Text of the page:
Creating a financially savvy kid

Even if you have a natural saver on your hands, you still need to teach your child about budgeting and investing, as well as how to shop mindfully by comparing prices and understanding the value of what they are buying.

my first piggybankWhenever I meet people whose finances are in good order, they invariably tell me that it was due to the lessons their parents taught them. As young children they were warned against taking on debt and taught about the virtues of saving. They worked for their pocket money and their parents taught them about budgeting and saving towards a goal rather than just handing out cash on a whim.

So how can you, as a parent, go about creating a financially savvy kid?

I know from personal experience of having two very different children that everybody is born with a money personality. For some children, saving comes naturally – they don’t really have anything they want to spend their money on and they like the idea of seeing their money grow. For other children, money burns a hole in their pocket and they are not happy until every last cent is spent. But with the right encouragement, you can change their behaviour and attitude towards money.

My first born is a natural saver. He is quite happy to hoard all his pocket money, splashing out occasionally on books. My second born however, is a completely different child – money has no value at all unless it is turned into something tangible. This didn’t stop him from becoming absolutely distraught because his brother’s money box was so full while his was always empty. As a parent, especially one who writes about money, I was really worried about what would happen to him once he grew up and discovered credit cards!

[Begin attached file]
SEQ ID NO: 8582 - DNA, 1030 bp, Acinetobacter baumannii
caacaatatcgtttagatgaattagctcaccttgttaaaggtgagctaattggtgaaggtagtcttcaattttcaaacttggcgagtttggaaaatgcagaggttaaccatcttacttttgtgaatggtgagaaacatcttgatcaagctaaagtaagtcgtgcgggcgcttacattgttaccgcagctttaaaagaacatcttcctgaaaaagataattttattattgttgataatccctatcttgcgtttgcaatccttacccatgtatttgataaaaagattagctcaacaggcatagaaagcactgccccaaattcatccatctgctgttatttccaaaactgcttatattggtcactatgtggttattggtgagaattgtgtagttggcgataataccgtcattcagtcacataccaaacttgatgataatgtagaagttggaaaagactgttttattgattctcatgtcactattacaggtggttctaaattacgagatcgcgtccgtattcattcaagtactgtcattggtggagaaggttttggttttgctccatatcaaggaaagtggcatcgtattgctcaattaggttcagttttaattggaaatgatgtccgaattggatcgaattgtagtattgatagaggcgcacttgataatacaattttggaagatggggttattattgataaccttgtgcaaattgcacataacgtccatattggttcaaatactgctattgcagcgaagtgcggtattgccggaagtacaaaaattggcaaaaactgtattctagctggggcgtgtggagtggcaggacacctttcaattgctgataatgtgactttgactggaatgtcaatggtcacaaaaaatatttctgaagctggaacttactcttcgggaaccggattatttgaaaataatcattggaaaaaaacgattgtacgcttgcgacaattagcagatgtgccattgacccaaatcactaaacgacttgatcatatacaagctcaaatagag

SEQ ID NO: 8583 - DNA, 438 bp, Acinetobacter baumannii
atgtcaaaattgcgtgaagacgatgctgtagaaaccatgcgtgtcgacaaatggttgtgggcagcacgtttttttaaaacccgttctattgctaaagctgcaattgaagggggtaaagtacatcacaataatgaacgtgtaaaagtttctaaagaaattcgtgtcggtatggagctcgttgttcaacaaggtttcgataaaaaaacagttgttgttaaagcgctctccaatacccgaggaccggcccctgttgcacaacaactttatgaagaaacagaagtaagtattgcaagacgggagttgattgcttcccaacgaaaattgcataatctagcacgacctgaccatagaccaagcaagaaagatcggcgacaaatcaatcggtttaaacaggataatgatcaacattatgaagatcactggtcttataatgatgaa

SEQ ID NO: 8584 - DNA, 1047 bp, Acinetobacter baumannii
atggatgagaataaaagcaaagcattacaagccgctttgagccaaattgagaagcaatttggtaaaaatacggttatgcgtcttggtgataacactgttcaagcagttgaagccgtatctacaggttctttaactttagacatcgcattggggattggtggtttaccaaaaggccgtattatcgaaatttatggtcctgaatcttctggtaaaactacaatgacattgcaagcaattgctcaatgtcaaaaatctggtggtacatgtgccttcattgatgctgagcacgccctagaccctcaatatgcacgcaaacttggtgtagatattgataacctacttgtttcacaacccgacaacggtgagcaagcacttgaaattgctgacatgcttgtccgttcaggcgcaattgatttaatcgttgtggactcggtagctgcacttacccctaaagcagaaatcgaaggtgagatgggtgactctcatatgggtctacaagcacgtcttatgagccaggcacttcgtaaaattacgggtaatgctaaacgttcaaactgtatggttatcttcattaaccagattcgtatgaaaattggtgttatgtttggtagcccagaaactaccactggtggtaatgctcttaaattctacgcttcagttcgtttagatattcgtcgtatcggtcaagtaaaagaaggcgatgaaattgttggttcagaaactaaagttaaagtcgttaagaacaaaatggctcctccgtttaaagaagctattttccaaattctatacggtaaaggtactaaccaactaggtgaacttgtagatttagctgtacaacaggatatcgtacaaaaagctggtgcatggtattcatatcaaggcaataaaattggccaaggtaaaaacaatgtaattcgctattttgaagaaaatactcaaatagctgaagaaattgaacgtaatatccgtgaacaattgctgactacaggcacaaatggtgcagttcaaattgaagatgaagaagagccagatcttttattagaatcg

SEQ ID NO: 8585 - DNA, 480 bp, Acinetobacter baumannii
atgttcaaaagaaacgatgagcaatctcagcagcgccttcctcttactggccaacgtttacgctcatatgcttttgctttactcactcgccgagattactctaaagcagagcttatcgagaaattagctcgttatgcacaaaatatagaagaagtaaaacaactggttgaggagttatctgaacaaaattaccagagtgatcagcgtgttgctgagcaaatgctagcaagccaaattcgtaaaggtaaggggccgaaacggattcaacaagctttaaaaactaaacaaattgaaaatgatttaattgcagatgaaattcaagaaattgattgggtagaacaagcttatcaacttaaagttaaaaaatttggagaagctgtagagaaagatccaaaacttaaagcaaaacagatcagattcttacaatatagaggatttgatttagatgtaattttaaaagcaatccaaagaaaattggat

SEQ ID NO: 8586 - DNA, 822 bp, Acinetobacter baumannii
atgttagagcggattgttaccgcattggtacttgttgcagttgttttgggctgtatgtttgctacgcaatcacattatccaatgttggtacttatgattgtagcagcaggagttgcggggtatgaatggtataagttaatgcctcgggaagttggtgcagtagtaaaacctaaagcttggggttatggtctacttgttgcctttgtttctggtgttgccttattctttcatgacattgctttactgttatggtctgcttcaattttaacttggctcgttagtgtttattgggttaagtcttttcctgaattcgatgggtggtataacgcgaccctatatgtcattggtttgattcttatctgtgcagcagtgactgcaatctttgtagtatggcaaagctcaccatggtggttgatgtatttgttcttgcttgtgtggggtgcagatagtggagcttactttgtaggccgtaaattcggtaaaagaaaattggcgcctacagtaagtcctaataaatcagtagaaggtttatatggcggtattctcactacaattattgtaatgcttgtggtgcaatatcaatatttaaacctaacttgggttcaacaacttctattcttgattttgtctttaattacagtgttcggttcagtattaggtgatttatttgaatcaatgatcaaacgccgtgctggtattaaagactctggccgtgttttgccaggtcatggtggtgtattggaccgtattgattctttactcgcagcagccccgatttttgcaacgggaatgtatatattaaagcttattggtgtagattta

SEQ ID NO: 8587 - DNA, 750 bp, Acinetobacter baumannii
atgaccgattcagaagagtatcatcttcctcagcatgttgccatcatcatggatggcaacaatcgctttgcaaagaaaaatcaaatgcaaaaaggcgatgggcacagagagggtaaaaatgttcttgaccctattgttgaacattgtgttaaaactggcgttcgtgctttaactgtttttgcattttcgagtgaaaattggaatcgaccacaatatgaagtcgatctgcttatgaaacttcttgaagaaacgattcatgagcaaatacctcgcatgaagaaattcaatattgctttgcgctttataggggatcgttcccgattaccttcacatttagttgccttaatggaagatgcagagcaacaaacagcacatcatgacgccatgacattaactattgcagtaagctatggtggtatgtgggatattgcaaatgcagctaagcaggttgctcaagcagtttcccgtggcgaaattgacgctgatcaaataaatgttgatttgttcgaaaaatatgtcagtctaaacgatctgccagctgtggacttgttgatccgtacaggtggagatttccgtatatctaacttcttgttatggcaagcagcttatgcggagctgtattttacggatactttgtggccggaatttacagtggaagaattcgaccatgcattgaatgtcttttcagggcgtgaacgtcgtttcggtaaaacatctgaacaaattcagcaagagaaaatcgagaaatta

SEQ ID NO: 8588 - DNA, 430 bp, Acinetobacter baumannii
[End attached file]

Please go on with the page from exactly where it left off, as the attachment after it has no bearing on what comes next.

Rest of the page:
However through teaching him about money and the value of goods as well as getting him to set goals, he has saved over R1 000 in his bank account. It may take more encouragement for some children than for others, but if you put a plan in place, your child can learn some very valuable financial lessons.

Open a bank account

Saving money in a piggy bank is a tangible way to teach children about money and the actual value of the coins and notes. There does, however, come a time when a bank account is more appropriate.

A money box never encouraged my son to save; being able to see the money burnt a hole in his pocket and he was just desperate to spend whatever was in it. When he was about 8 years old I opened a bank account for him and his behaviour shifted immediately. It was a matter of “out of sight, out of mind” and he started to want to grow the money. By adding in birthday money and saving his pocket money, he was able to save towards things he really wanted rather than wasting the money on sweets and cheap plastic toys.

A bank account also teaches children about banking. You can even turn it into a family project – help your child to research the various bank accounts and to understand the most cost-efficient way to bank.

Have a separate savings account